Fear stalks Radio Club

Published: Dec 16, 2011, 08:28 IST | Hemal Ashar |

Attack on managing committee member raises tempers; members urge internal probe

Attack on managing committee member raises tempers; members urge internal probe

It is one of South Mumbai, or SoBo's most elite clubs, with an enviable location. Its perimeter kisses the Arabian Sea and as the waves break against the walls, you can for a moment imagine that you are miles away from the hurly burly of the city. 

Taking a hit: Manu Bhavnani is convalescing at his Colaba home. The
diabetic has been advised bed rest

Right now though, the Bombay Presidency Radio Club, or just Radio Club as it is more commonly called, near the Taj Mahal hotel at Colaba, is gripped by fear and friction following an attack on current club committee member Manu Bhavnani.

An unknown assailant attacked Colaba resident, Bhavnani, on Wednesday, December 7, two days before the club was scheduled to hold its annual elections. The attacker hit him on his right leg just below the knee and took a swipe on the left leg before escaping on a motorbike. Thankfully, Bhavnani has not broken any bones as a result of the attack, but his mobility has been severely hampered. He has been advised rest by his doctor till next week. But more than the physical debilitation, the incident has shaken him up mentally.

Spot on: The location where Manu Bhavnani was attacked on the
footpath outside the Sea Palace hotel in Colaba. Pics/Shadab Khan

Walk goes awry
Says Bhavnani from his home at Zoher Mansion building in Colaba, "On the evening of December 7, I was at the Radio Club. At approximately 7 pm, I decided to go for a walk along the Gateway of India seafront.  My friend Deepak Makhijani accompanied me. I was walking opposite the sea front. I had barely gone a few metres from the club and my friend Deepak was behind me, talking on his mobile phone, when I suddenly felt something hit me on my right leg, near the knee. It happened very quickly. I felt three more blows, and I collapsed on the ground on my right knee. Then the attacker hit me quickly on the left leg. By now, cars had stopped and people were looking. My friend Deepak started running towards me, but the attacker (I could not catch a glimpse of his face) jumped on to a motorbike waiting nearby and sped away, riding pillion."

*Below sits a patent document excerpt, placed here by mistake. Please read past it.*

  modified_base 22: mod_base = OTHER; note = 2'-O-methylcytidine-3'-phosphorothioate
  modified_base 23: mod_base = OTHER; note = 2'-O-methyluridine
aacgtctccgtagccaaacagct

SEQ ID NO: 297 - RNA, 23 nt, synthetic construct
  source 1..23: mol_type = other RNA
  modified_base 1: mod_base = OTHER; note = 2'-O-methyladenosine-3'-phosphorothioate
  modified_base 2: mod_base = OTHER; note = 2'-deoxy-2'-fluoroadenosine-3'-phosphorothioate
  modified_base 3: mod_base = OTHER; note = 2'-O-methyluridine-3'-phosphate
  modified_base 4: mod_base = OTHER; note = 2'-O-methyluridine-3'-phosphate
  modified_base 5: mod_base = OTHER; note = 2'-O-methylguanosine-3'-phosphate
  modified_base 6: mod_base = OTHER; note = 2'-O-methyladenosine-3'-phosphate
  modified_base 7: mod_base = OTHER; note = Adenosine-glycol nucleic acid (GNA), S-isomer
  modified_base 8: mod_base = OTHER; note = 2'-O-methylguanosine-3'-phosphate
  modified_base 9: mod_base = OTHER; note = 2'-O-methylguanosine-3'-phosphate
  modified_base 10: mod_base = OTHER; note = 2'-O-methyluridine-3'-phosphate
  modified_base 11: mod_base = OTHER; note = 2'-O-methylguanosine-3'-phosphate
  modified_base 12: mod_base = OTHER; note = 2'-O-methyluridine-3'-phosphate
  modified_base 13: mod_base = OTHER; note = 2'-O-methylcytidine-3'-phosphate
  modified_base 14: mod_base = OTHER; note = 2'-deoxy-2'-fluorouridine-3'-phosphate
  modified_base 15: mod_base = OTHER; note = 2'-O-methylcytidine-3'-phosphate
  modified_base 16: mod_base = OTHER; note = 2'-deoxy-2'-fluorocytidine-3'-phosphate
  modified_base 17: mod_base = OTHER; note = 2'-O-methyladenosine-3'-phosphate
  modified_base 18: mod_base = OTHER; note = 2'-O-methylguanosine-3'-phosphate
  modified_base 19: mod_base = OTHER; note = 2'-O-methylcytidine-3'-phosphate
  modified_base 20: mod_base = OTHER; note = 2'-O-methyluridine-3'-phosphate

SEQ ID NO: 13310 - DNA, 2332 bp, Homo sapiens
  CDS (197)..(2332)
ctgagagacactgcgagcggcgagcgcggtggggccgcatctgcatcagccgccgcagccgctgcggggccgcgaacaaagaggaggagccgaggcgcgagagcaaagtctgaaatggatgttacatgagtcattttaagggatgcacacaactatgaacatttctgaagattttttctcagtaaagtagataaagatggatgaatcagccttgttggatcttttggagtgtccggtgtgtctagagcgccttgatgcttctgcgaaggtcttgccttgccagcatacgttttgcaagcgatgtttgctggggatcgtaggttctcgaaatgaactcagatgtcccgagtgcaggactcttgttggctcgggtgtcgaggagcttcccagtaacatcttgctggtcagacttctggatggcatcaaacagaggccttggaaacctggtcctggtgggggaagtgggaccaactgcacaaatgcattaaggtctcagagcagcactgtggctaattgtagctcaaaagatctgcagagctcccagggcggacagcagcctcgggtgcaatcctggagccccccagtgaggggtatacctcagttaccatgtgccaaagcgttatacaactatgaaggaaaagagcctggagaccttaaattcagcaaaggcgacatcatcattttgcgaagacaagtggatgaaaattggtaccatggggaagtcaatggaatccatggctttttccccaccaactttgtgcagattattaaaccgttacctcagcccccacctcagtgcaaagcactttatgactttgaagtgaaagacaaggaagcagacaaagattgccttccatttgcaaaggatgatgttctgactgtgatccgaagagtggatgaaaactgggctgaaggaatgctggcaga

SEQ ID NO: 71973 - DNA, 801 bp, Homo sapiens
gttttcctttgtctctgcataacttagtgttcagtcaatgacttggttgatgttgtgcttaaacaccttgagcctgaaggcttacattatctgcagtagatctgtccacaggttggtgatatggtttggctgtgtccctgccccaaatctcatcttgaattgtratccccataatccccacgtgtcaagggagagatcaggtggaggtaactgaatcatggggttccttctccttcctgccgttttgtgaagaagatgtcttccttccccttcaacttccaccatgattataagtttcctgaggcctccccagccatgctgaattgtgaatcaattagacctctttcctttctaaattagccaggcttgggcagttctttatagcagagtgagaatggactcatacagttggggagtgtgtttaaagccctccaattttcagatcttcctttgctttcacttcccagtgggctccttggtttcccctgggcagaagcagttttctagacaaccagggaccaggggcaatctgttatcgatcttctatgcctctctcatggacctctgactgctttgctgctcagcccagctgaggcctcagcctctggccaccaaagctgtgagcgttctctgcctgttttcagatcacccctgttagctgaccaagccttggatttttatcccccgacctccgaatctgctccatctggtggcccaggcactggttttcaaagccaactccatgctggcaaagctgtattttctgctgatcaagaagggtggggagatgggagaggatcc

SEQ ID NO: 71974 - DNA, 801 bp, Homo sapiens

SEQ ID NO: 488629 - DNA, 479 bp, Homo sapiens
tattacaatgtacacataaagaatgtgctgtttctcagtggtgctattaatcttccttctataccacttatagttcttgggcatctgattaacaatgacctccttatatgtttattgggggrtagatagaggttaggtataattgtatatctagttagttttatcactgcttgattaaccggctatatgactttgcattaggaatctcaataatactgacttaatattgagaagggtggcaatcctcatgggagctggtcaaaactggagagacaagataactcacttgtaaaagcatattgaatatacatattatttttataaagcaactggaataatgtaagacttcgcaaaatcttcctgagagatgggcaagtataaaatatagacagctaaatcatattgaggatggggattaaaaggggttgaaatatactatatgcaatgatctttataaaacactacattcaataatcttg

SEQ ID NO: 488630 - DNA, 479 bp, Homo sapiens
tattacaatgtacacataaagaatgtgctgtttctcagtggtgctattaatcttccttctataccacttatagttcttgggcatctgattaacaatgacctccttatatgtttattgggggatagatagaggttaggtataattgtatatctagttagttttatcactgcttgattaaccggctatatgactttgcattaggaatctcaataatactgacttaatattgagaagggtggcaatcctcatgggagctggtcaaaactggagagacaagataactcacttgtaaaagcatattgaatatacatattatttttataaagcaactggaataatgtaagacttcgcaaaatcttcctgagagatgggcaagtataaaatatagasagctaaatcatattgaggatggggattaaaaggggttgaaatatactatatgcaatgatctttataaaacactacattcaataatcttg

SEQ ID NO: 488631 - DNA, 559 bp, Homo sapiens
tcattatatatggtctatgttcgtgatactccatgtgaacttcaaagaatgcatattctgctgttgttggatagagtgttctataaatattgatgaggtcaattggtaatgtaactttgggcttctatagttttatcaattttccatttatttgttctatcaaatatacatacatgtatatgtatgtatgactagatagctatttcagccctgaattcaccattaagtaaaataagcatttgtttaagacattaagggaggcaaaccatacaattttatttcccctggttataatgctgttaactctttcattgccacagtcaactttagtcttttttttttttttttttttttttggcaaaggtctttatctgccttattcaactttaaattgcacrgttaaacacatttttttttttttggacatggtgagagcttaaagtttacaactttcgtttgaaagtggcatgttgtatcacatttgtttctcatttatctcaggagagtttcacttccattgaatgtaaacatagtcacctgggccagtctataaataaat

Speaking up: Mirchandani (l) and Anjaria at the club

Makhijani said, "I did not see the assailant. It was a pre-planned attack, designed to plant fear in our minds." Bhavnani thinks he was hit with a heavy stick and "the next target would have been my face."

However, Rehman Abdul Shaikh, a car mechanic from Colaba who was taking a car on a test drive and happened to  witness the attack, disagrees. "He was hit with a golf club. I saw the instrument, and it was not a stick," he said.

CLUB MATTERS: Manu's wife Preeti Bhavnani

Club connection
Bhavnani was rushed to Colaba police station, "After which I was sent to St George Hospital. We have to go to the government hospital, as stipulated by the police. The wound was dressed and I went back to the police station to lodge a full complaint."

When asked why he thought the attack had a connection to his involvement with the Radio Club, Bhavnani said, "I have no dispute -- familial or property-related. I think it is definitely linked to my status as a member of the managing committee of the Radio Club. Since I am one of the most popular committee members, I was targetted. I poll the highest votes in the elections. The 'opposition' wants to defeat this committee, but could not even cobble together enough candidates to stand against the current managing committee, comprising 15 members."

Paperwork: A copy of the police complaints and the doctor's report

He added, "My doctor has advised me rest for the wound to heal. Add to that, I am diabetic and suffer from hypertension. This complicates matters." Bhavnani's family doctor, Dr Dinesh Toprani said, "I have advised him rest and he will make a full recovery, soon." 

What gives Bhavnani's theory more credence is the fact that, he has been targetted in the past as well. "The incident took place four-five years ago. Letters were circulated in the club, which tried to sully my image and showed me in poor  light." His wife, Preeti, recalled, "These were anonymous hate letters in which the letter writer claimed that I was not his lawfully wedded wife. It also claimed that his daughter was not his legitimate offspring, as she had different features."

This attack though has put a dangerous spin on the acrimony. Preeti added, "My husband now tells me not to take a walk early morning in that area. But I have been doing that for years. I don't want to stop now. What can we do? We might change our routine for a day or two, but life has to go on."

Colaba landmark: The club is one of the most elite in the city

Bhavnani added, "I know this is a cowardly attack. Earlier, I would not consider resigning from the club. This time, however, I am having second thoughts about working for the club. It is the love of members and their support that keeps me going. My Facebook profile is full of support for me. Members have also been visiting the police station urging the cops to find out about the attackers."

Jungle Raj